POSTED: 1:30 a.m. HST, Jul 10, 2011
LAST UPDATED: 2:23 p.m. HST, Aug 5, 2011
One would have thought that elected leaders would have been scared straight by now, instead of letting sewage-treatment responsibilities get away from the city yet again.
But no. Despite the vivid memory picture of the Ala Wai sewage spill, despite warnings from the Environmental Protection Agency that led ultimately to a consent decree compelling treatment-plant improvements, it seems the City Council is backing away from critical improvements that should have been in place already. And it's doing so at the unconscionable risk of putting the brakes on several developments that need the backing of a robust treatment plant.
The issue is that the digester — the system that removes pathogens from sewage sludge and produces fertilizer pellets — is over capacity at the Sand Island Wastewater Treatment Plant. Designs for an expansion are under way, but the Council removed $26 million in construction funds from the city's 2012 budget.
This has forced the city to adopt a Plan B that's anything but ideal. In the next few weeks, excess raw sewage from Sand Island will be trucked to treatment plants in Kailua and Ewa Beach, where neighborhood residents surely won't appreciate the added disruption. But the administration has no choice. The EPA decree would bar any other kind of disposal because of its environmental effects.
City Councilman Romy Cachola, whose district includes Sand Island, is at the center of what looks like a Council snit. Last week he introduced a resolution that, inexplicably, passed quickly without any public testimony. Resolution 11-182 urges the city administration to investigate alternative technologies other than the digester now being operated by Synagro Technologies Inc.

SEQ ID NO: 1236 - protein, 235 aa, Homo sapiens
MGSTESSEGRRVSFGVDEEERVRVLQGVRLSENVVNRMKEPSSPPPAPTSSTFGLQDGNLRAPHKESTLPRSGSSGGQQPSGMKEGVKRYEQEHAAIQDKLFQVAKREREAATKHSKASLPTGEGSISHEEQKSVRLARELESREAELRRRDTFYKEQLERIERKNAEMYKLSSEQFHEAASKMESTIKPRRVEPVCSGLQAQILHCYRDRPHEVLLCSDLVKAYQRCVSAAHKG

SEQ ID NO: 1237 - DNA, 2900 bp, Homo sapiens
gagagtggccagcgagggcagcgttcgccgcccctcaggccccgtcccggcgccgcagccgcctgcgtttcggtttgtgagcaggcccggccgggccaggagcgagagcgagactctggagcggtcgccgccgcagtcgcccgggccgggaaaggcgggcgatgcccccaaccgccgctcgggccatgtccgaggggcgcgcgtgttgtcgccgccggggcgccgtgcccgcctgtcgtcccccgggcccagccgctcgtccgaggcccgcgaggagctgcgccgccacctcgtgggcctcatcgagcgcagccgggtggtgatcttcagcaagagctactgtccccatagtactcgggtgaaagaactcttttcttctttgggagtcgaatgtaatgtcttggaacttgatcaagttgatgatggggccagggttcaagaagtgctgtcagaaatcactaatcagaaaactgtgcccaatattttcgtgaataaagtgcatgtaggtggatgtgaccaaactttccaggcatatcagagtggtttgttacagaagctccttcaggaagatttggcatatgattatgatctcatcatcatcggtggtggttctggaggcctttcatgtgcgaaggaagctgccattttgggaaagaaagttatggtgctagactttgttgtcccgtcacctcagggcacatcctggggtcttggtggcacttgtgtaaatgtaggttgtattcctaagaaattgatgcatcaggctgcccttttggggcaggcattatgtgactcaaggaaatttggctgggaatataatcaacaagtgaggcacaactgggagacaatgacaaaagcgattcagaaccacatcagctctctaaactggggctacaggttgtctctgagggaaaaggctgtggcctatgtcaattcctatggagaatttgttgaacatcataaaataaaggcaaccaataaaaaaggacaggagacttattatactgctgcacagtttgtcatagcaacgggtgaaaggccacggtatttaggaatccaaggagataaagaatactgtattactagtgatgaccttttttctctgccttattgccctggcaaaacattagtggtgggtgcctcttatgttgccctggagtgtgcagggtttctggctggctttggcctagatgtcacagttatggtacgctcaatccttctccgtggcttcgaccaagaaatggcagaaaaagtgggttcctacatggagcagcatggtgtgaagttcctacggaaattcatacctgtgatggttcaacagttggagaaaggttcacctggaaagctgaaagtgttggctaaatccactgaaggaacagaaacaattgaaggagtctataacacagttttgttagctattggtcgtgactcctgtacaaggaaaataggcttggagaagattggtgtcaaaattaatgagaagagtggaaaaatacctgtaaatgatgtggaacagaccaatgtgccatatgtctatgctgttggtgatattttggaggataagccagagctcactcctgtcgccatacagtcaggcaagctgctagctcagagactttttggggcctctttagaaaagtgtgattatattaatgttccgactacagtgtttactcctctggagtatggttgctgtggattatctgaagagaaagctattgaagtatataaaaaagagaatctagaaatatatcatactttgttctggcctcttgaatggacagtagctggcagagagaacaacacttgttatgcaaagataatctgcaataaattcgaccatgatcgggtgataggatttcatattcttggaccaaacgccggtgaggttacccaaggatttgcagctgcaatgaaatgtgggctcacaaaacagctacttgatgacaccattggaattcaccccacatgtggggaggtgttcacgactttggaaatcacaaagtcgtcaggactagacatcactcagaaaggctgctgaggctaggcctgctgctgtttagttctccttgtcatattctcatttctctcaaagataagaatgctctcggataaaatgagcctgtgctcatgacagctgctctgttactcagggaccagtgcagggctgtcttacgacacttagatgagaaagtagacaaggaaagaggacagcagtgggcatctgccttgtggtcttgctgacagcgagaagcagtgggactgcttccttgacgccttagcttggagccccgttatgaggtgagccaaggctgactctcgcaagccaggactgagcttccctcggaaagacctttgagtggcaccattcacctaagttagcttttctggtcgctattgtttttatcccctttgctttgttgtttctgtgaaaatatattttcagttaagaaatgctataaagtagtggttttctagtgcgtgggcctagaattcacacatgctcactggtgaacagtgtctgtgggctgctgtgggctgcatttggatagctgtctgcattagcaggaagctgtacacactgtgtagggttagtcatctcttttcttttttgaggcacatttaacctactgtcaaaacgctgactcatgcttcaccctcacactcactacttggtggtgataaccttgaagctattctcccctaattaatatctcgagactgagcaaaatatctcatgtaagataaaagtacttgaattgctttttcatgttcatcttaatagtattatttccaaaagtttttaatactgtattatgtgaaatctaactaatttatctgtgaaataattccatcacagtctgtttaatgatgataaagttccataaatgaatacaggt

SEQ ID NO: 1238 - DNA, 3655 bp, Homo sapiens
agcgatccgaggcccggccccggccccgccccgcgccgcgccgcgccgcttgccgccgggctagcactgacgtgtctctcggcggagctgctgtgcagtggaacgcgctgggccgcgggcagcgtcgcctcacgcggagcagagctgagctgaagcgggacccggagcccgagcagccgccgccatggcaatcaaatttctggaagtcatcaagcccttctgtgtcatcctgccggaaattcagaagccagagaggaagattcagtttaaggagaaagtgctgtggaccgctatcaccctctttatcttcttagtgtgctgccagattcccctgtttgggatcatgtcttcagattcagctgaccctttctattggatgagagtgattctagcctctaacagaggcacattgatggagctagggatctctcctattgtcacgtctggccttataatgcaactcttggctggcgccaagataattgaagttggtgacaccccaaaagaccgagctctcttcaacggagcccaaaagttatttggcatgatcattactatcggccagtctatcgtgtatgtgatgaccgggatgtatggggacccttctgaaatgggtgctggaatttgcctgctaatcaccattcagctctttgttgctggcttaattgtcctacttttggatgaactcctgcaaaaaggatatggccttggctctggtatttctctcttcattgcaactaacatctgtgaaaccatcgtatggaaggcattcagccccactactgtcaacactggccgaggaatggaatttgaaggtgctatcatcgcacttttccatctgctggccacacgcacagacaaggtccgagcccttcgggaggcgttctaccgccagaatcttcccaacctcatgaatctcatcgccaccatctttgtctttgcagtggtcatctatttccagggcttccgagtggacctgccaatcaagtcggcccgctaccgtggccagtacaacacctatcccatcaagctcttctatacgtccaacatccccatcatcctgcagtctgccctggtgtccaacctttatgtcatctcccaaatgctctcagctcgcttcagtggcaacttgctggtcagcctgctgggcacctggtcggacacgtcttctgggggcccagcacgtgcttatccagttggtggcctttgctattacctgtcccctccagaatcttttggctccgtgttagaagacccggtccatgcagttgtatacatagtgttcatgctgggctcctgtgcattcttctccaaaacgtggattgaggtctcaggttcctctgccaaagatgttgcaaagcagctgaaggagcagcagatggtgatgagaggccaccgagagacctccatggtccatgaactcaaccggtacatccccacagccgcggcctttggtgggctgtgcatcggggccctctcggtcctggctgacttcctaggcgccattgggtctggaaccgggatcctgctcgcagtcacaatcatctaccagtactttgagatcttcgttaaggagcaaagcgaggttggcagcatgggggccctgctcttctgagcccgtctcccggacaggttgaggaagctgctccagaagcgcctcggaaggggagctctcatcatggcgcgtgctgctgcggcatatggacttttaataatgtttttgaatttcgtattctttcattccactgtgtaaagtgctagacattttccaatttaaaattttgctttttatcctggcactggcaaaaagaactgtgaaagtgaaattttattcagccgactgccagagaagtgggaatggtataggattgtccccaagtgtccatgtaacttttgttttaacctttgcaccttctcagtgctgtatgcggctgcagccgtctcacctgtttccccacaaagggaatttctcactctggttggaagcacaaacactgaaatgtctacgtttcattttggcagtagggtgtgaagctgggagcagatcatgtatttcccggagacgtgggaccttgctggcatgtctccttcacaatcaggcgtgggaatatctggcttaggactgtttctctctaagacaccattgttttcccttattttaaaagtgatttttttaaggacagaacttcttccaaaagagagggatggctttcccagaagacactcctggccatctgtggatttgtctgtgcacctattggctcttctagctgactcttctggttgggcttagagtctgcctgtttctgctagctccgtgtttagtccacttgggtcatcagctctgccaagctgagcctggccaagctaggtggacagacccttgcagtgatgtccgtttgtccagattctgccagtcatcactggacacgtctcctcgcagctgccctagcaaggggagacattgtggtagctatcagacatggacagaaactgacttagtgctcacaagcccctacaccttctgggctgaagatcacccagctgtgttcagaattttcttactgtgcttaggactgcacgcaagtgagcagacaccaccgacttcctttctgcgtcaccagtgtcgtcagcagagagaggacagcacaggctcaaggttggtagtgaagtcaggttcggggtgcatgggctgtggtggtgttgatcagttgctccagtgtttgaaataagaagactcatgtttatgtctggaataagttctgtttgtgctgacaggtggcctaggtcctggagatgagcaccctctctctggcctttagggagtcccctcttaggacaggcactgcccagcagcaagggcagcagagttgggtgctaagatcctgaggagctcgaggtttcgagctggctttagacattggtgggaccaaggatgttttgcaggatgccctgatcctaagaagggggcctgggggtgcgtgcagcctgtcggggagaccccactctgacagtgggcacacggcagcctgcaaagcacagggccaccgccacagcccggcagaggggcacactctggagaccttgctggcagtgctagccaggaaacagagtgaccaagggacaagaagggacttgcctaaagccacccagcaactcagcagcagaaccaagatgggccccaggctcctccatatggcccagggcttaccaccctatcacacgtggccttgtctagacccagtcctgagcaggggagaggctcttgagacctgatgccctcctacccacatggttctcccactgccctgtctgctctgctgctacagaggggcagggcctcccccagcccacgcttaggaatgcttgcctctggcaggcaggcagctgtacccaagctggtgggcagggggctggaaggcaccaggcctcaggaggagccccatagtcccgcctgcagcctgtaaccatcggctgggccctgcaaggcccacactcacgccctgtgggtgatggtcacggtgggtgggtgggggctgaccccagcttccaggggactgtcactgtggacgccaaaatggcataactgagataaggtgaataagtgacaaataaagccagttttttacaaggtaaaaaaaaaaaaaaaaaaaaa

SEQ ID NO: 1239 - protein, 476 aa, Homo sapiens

But Cachola presents no compelling reason to pull the plug on the operation now. The resolution uncritically cites one study disputing the safety of the treated sludge, hardly a sufficient basis to dump a technology that's in wide use nationally. Tim Steinberger, director of the Department of Environmental Services, said the study in question referenced a different level of treatment than the one used here. That's disturbing. So now the Council is basing its decisions on comparisons of apples and oranges?
Steinberger said the $26 million project will need bond financing, so he plans to resubmit his request before the Council in the next budget cycle. However, the resolution is a statement of Council policy and should be rescinded months in advance of that. City taxpayers, who should be watching this melodrama with some alarm, can hope that cooler heads will prevail and that the Council will rethink its illogical stance.
Further, this latest episode has put the Council's rather cavalier attitude about process on display. The proposal to yank the funds for the equipment occurred shortly before the bill's third reading; similarly, the resolution came up for a vote without a single committee referral, and had no testimony submitted. Important decisions on city functions should be made after careful consideration. This, by contrast, was hasty, even flippant.
The current Council members may believe they should be entrusted with such important matters — and, judging by the recent tug-of-war over the rail project, that's what they do believe. Even so, the handling of the latest sewage treatment challenge is Exhibit A in the case against them.